Teenagers of America: Congress Will Use Your Ideas for Bills

That is, if they actually work.

National Journal
Elahe Izad
Add to Briefcase
Elahe Izad
April 2, 2014, 4:31 a.m.

Re­mem­ber that middle school­er with an idea to change the font the gov­ern­ment uses as a way to save tax­pay­ers mil­lions of dol­lars?

Well, it turns out, it won’t, as The Wash­ing­ton Post‘s Dav­id A. Fahrenthold found after talk­ing with the Gov­ern­ment Print­ing Of­fice. But that was after staffers for Rep. Scott Peters, D-Cal­if., looked in­to the idea for a pos­sible bill.

Here’s the back­story for those of you who don’t know about this cost-sav­ing scheme: Pitt­s­burgh middle-school wun­der­kind Suvir Mirchandani made na­tion­al news over the week­end, when he found while do­ing a sci­ence pro­ject that the fed­er­al gov­ern­ment could save up­ward of $136 mil­lion if it switched its font from Times New Ro­man to Gara­mond. The reas­on­ing? The lat­ter font uses less ink, and ink is mighty ex­pens­ive.

Har­vard’s stu­dent-run Journ­al of Emer­ging In­vest­ig­at­ors pub­lished his find­ings, with a JEI founder telling CNN how “im­pressed” they were with Mirchandani’s work.

Seemed like a fant­ast­ic idea, right? Peters’s staffers thought so, too.

“We leapt at the idea to save lots of tax­pay­er money through what seems like a re­l­at­ively small change,” Peters said in an email.

So staffers checked with GPO about the pos­sible changes, and it turns out the ini­tial premise didn’t ex­actly pan out. Ap­par­ently Mirchandani’s es­tim­ated price of ink was too high, be­cause the gov­ern­ment is able to buy ink at a lower price than the av­er­age con­sumer, giv­en it uses much more of it. Ad­di­tion­ally, GPO print­ing is done with print­ing presses, and not laser or inkjet print­ers.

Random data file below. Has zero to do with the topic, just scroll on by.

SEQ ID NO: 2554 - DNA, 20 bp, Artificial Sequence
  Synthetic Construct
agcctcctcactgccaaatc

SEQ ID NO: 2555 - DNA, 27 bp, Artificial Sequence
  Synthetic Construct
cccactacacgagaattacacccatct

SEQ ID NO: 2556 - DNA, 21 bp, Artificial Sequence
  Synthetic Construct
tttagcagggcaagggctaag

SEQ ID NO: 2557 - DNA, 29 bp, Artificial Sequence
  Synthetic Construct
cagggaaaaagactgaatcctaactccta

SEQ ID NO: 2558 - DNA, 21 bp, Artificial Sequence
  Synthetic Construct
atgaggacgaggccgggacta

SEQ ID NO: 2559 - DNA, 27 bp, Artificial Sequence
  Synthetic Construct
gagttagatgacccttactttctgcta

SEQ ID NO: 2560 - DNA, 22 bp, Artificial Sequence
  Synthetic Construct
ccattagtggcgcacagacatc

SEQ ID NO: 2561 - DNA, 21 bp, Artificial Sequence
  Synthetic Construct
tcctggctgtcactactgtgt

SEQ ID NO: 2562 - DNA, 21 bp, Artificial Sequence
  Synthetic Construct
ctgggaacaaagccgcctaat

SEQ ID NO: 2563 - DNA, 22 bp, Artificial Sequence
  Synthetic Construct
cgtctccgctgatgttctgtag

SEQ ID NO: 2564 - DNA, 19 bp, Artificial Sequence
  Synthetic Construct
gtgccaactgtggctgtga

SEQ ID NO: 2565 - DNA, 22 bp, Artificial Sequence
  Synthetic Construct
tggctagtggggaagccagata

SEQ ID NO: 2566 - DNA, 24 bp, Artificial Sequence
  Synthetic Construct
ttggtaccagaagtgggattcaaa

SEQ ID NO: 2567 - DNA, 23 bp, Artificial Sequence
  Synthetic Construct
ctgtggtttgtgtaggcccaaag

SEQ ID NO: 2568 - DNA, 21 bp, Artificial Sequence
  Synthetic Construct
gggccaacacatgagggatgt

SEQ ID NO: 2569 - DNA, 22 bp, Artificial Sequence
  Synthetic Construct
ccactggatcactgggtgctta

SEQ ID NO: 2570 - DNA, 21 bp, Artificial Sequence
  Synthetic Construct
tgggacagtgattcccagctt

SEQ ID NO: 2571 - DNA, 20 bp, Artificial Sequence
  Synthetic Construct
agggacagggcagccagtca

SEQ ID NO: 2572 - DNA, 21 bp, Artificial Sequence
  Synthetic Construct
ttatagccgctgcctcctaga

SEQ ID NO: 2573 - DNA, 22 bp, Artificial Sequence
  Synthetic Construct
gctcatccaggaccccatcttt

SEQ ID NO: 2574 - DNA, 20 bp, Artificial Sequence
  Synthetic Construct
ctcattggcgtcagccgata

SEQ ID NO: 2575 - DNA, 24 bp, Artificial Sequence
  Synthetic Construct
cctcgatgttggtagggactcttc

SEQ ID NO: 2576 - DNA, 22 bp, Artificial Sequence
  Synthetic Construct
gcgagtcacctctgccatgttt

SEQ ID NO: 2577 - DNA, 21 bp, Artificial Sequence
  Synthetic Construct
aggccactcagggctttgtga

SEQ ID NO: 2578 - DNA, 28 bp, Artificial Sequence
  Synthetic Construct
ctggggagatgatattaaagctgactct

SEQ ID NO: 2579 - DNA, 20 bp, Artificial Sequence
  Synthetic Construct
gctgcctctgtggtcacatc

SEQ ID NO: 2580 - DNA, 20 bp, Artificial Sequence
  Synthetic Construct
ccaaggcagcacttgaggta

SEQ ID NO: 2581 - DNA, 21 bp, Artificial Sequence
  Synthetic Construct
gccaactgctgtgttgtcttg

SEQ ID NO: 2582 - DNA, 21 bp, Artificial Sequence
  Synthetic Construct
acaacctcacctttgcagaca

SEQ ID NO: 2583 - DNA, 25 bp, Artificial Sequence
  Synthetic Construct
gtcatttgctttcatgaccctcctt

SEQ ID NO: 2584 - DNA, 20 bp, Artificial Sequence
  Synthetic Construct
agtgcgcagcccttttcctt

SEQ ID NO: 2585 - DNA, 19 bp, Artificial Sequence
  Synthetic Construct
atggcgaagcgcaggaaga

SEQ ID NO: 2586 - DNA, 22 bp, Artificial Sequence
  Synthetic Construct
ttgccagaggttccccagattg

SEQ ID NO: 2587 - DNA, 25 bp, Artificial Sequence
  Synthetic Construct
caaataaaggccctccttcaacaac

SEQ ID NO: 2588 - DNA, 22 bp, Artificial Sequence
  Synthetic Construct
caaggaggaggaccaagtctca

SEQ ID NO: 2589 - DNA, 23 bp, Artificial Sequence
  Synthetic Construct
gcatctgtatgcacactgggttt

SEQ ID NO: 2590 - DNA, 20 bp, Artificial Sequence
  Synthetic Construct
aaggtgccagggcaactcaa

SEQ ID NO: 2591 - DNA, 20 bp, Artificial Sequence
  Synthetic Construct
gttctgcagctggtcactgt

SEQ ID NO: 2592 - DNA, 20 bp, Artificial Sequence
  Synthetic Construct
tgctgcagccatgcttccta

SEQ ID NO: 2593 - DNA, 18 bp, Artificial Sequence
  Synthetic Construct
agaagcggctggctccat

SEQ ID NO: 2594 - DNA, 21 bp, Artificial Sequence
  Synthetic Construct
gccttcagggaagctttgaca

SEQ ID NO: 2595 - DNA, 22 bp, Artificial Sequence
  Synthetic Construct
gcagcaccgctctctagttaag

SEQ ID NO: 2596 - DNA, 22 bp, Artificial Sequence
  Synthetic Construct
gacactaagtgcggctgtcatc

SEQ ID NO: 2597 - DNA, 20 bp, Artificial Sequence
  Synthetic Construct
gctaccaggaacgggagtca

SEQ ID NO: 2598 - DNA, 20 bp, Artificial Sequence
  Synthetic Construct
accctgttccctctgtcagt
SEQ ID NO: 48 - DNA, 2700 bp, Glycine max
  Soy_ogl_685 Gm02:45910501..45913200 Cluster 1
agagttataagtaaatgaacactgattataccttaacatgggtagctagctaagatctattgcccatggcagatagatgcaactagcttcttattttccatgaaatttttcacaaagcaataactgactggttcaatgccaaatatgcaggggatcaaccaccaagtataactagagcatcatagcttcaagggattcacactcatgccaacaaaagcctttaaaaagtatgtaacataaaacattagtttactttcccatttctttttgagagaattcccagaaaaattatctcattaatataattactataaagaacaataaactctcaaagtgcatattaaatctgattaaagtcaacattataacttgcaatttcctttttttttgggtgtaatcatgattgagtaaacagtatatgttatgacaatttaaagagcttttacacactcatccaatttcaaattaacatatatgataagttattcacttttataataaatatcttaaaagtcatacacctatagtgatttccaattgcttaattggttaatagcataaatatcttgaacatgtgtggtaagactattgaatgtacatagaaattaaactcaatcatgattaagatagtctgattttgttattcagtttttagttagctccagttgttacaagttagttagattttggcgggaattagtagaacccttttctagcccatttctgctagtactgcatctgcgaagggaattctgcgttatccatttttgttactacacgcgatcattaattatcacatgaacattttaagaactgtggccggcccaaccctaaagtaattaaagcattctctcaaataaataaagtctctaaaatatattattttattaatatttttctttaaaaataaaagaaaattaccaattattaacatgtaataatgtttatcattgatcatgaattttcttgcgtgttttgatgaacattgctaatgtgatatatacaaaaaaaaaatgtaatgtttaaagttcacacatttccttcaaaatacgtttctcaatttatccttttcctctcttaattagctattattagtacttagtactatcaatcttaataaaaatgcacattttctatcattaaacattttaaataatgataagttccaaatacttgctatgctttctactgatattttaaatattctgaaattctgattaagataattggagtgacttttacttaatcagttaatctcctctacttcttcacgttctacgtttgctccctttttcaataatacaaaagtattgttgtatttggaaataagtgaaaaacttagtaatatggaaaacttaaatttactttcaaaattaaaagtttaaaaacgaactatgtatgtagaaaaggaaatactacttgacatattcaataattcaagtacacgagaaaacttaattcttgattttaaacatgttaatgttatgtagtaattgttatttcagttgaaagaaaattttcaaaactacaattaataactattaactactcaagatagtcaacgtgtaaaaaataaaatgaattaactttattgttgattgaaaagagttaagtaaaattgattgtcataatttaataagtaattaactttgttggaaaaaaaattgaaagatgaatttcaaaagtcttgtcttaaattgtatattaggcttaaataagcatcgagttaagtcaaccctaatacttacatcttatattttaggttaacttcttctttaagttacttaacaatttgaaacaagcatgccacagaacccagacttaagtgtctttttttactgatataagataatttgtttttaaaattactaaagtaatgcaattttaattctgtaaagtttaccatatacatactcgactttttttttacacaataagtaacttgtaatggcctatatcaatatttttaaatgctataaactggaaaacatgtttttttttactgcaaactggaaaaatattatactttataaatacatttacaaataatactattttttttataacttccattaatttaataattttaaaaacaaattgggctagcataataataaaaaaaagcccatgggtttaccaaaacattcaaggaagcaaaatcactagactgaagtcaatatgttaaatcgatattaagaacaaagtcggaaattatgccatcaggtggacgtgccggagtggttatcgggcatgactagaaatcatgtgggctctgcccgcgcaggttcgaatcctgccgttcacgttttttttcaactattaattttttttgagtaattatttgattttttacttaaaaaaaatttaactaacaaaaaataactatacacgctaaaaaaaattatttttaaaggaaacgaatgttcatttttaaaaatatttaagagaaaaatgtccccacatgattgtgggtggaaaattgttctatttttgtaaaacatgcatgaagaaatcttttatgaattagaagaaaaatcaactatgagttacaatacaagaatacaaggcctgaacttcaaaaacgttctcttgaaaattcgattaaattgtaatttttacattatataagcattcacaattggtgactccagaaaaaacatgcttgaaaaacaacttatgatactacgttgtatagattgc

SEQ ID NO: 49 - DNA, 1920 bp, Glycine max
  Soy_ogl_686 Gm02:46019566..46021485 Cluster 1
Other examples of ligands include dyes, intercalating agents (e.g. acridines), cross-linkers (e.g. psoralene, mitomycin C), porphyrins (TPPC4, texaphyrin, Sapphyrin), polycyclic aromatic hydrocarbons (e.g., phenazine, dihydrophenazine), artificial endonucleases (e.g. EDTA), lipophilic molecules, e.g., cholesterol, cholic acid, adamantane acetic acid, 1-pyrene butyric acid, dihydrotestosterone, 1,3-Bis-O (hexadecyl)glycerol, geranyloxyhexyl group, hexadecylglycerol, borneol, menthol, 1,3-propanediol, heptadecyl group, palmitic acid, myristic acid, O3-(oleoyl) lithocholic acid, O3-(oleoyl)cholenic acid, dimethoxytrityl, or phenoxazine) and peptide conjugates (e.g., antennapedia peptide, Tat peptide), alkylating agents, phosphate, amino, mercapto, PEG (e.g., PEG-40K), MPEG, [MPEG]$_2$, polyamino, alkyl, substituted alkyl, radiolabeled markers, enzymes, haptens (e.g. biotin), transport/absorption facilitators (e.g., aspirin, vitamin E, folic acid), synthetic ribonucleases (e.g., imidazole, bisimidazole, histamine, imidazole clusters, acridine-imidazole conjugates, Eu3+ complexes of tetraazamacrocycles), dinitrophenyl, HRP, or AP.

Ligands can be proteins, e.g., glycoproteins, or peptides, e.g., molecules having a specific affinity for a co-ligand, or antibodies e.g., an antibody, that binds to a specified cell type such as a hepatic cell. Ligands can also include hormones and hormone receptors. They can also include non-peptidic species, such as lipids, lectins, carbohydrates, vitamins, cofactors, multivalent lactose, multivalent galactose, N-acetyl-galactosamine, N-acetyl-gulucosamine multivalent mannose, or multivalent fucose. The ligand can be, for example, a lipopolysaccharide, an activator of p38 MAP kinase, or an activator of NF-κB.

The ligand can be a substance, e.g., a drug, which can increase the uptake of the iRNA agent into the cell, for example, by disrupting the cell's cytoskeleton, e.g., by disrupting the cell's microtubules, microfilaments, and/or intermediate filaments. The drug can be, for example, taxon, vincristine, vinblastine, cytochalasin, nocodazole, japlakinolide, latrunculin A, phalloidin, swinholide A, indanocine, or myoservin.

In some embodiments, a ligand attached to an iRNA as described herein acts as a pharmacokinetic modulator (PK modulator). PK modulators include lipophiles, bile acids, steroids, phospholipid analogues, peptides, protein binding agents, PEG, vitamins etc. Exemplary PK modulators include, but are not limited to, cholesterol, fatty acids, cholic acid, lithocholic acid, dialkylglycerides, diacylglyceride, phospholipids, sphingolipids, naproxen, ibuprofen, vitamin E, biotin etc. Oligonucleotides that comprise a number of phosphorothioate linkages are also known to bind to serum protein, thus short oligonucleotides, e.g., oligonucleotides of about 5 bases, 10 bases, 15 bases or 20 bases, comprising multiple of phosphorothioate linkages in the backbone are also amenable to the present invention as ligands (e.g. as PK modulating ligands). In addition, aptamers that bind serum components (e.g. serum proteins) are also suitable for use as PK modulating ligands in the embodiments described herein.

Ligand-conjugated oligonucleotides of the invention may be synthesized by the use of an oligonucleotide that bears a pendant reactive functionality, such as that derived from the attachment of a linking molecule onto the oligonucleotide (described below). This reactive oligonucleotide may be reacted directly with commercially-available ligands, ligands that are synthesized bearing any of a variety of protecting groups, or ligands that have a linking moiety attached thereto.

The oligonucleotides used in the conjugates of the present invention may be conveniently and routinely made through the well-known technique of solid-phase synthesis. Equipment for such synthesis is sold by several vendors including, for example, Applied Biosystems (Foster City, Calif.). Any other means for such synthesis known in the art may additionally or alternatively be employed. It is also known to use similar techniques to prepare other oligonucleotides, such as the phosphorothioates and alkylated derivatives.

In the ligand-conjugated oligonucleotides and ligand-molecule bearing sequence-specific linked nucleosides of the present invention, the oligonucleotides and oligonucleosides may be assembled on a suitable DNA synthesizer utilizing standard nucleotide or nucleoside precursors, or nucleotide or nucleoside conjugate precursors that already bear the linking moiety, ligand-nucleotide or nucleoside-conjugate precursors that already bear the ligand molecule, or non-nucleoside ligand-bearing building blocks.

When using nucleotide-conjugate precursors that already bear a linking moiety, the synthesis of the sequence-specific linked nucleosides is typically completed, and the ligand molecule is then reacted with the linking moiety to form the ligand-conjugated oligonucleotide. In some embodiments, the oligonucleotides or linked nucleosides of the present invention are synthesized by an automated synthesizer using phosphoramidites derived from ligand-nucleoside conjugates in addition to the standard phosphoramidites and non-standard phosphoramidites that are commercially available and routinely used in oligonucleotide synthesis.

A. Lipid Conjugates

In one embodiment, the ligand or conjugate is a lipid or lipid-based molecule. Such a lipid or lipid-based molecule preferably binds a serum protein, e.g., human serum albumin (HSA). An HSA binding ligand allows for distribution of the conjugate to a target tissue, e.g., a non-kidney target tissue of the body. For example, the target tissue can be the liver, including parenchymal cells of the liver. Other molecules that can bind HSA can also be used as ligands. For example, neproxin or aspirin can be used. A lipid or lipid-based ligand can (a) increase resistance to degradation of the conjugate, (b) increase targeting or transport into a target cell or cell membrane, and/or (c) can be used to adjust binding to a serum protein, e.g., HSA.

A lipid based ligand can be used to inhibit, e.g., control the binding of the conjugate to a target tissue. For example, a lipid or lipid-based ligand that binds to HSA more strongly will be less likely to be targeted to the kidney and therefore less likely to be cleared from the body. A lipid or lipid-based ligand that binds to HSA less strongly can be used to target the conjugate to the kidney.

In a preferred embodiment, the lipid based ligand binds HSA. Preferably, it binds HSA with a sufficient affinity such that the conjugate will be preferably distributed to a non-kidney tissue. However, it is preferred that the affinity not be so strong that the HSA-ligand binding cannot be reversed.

Mirchandani can be for­giv­en for such over­sights. He told CNN that he had tried to get in touch with GPO about how much they ac­tu­ally spend on print­ing, but didn’t hear back un­til he had fin­ished his pro­ject.

Des­pite the font-change idea not work­ing out, Peters doesn’t want to dis­suade the na­tion’s teen­agers from pitch­ing him more ideas. “That shouldn’t dis­cour­age Amer­ic­ans of any age from let­ting elec­ted of­fi­cials know where there could be sav­ings,” he said. “Gov­ern­ment needs to en­cour­age in­nov­at­ive solu­tions from its con­stitu­en­cies, not dis­cour­age it.”

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